Tag Archives: Holiness

WTH 4 – The End

Over the last couple of weeks, we have considered what hell really is, how it fits with God’s holiness, and how we fit into the mix.  Now we return to our original question of how God, who is love, could also be the same, unchanging God who created hell.

God’s love for us is perfect, therefore, by definition, it is not half-hearted and He also desires for us to know and love Him to the fullest extent possible.  As long as there is sin in and around us, we will never be able to know and love God to our fullest potential.  Sin (unlike the sinner) is irredeemable and breeds only death.  This is where hell comes into play:  it is the result of God’s righteous anger and disgust towards sin with respect to His holiness.  But God’s holiness gives rise to love and mercy in addition to righteous indignation.  It is in holy love that Christ came to earth and offered Himself as the perfect sacrifice for the sins of the world that we may be credited with His righteousness and spared the wrath of God laid up against us.  It is also holy love that motivates God to give us the Holy Spirit who dwells within us and walks alongside us; quietly (and sometimes not so quietly) revealing the things of God to us and interceding for us with “groanings which cannot be uttered.”

If we were to hazard a short answer the question we began with, it would be that God is holy.  In all things He is holy.  He is holy in love and in wrath, in mercy and in judgment.  Hell is the outworking of His holy wrath and judgment while the cross is the outworking of His holy love and mercy.  Everything about God is holy, which is why it is such a remarkable thing that He chooses to create and associate with us.

Many times, God’s holiness is something that we view as cold and alienating.  It is true that His being holy puts some distance between us and Him.  However, we must not forget that it is this same holiness that He is drawing us closer to as we grow and develop and Christians.  His holiness is not something that we ought to view negatively, as if it were some lifeless barrier.  Perhaps a better way to view it would be as the perfection of being that burns so hot and so bright that we cannot draw too close to it right now, for it burns up all that is unclean with unquenchable fire.  However, we nonetheless move towards it along the trail blazed for us by Christ, the firstborn from the dead, guided carefully and lovingly by the Holy Spirit.  This is, at least in part, why Christian growth is not a fast-moving affair.  It is like coming out of a dark room into the sunlight.  It takes time for our eyes to adjust to the brightness.  Likewise, our hearts and souls, after being warped by sin, must have time to be shaped and sanctified according to the righteousness we are credited with in Christ.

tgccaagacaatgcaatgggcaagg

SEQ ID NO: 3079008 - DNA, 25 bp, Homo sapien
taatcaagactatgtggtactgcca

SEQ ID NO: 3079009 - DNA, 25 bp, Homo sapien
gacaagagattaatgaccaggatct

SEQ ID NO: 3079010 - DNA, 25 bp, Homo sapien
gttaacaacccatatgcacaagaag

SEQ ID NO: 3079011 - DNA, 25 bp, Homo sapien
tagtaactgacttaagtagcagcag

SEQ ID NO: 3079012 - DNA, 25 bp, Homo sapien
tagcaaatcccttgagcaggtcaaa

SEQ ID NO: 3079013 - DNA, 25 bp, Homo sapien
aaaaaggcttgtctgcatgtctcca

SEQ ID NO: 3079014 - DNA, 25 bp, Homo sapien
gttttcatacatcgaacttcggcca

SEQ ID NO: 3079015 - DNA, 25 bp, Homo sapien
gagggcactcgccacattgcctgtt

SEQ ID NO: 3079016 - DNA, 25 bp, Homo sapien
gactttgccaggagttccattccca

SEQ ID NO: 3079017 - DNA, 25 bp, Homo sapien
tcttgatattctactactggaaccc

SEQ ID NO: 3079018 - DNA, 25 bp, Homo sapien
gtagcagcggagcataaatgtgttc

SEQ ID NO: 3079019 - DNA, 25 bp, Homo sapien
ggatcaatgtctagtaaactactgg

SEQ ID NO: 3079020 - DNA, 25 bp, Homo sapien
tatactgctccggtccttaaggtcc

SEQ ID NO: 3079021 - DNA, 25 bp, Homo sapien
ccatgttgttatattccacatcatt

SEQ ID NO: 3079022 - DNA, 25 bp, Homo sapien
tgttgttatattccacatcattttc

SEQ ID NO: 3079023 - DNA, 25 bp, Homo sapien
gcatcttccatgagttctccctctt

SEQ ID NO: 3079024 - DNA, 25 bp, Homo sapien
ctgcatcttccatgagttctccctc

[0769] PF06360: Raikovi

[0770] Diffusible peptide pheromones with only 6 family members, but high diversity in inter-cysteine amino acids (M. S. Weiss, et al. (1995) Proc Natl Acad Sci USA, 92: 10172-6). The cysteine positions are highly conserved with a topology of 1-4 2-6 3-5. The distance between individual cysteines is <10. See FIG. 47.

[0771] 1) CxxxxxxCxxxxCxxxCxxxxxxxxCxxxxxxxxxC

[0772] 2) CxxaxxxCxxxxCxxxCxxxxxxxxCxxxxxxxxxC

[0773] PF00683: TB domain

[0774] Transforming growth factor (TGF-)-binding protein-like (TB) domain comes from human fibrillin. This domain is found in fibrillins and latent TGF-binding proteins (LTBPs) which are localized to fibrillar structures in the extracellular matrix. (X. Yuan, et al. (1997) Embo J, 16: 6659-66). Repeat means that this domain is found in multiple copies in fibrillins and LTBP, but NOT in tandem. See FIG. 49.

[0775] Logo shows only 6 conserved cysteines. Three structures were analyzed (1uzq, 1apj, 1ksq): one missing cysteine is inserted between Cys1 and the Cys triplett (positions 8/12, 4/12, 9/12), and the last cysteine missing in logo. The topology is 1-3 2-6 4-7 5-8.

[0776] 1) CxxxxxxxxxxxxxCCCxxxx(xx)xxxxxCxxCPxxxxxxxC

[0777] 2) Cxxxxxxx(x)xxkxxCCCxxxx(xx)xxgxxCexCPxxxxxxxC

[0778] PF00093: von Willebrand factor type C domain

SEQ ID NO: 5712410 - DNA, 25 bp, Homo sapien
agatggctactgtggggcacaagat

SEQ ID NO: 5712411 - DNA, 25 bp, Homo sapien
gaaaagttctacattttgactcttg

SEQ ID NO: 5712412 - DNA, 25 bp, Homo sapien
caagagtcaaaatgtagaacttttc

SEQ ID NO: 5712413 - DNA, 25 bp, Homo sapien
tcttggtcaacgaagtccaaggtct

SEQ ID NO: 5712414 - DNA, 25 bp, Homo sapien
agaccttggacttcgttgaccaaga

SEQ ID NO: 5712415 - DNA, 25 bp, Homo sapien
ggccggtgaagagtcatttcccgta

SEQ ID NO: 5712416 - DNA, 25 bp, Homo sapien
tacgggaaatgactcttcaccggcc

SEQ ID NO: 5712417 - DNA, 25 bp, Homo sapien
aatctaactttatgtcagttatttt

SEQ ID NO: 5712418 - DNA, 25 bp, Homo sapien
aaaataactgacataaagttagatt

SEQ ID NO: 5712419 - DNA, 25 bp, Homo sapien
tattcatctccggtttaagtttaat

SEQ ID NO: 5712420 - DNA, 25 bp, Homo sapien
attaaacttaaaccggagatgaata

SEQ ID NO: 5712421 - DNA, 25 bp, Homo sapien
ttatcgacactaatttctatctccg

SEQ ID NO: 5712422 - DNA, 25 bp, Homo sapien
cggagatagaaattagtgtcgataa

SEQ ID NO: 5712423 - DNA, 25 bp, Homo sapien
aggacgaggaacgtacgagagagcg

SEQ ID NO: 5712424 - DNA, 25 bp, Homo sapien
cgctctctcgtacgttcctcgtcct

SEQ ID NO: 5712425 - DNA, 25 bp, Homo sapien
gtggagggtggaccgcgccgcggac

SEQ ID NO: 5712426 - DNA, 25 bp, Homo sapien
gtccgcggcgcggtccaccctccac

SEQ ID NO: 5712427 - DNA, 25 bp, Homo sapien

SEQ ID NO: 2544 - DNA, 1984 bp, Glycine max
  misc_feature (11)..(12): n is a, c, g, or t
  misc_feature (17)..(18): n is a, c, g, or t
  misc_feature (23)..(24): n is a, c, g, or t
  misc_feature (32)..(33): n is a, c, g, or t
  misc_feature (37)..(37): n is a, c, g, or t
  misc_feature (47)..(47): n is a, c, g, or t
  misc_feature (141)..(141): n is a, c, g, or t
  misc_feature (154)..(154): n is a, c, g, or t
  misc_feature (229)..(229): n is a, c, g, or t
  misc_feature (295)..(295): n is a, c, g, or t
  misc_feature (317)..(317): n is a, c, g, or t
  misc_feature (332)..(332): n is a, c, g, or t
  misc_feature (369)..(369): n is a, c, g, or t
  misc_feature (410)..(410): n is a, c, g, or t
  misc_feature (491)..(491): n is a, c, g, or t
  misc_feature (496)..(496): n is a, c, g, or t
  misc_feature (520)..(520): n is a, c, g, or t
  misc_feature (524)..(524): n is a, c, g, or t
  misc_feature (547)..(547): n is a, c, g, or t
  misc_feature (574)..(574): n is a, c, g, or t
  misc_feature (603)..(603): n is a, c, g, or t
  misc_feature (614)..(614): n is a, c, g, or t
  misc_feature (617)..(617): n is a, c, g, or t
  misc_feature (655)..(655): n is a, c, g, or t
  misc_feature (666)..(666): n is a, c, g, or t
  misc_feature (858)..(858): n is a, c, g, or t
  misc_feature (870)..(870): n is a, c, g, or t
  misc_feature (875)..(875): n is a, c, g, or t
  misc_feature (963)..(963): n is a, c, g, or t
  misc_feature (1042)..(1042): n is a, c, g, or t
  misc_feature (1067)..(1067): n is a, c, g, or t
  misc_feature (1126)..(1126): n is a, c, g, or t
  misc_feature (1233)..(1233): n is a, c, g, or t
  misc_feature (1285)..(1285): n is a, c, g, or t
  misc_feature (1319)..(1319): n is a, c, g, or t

Why can God create a place as terrifying as hell and also perform the greatest act of love the world has and will ever know?   It is because He is “holy, holy, holy”.

Now to Him who is able to keep you from stumbling,

And present you faultless

Before the presence of His glory with exceeding joy,

To God our Savior,

Who alone is wise,

Be glory and majesty,

Dominion and power,

Both now and forever.


-Jude 24-25

Practical questions:

  1. Have you ever thought of God’s holiness including His love or mercy?  Why or why not?
  2. How can putting God’s holiness at center-stage change our perceptions of the Old and New Testaments and how they fit together as a unified whole?

A challenge:

Set a timer for 15 minutes and spend that block of time reading, re-reading, thinking, and meditating on the passage from Jude above.  Let this reading and thinking lead you into prayer about whatever you are led to say to God.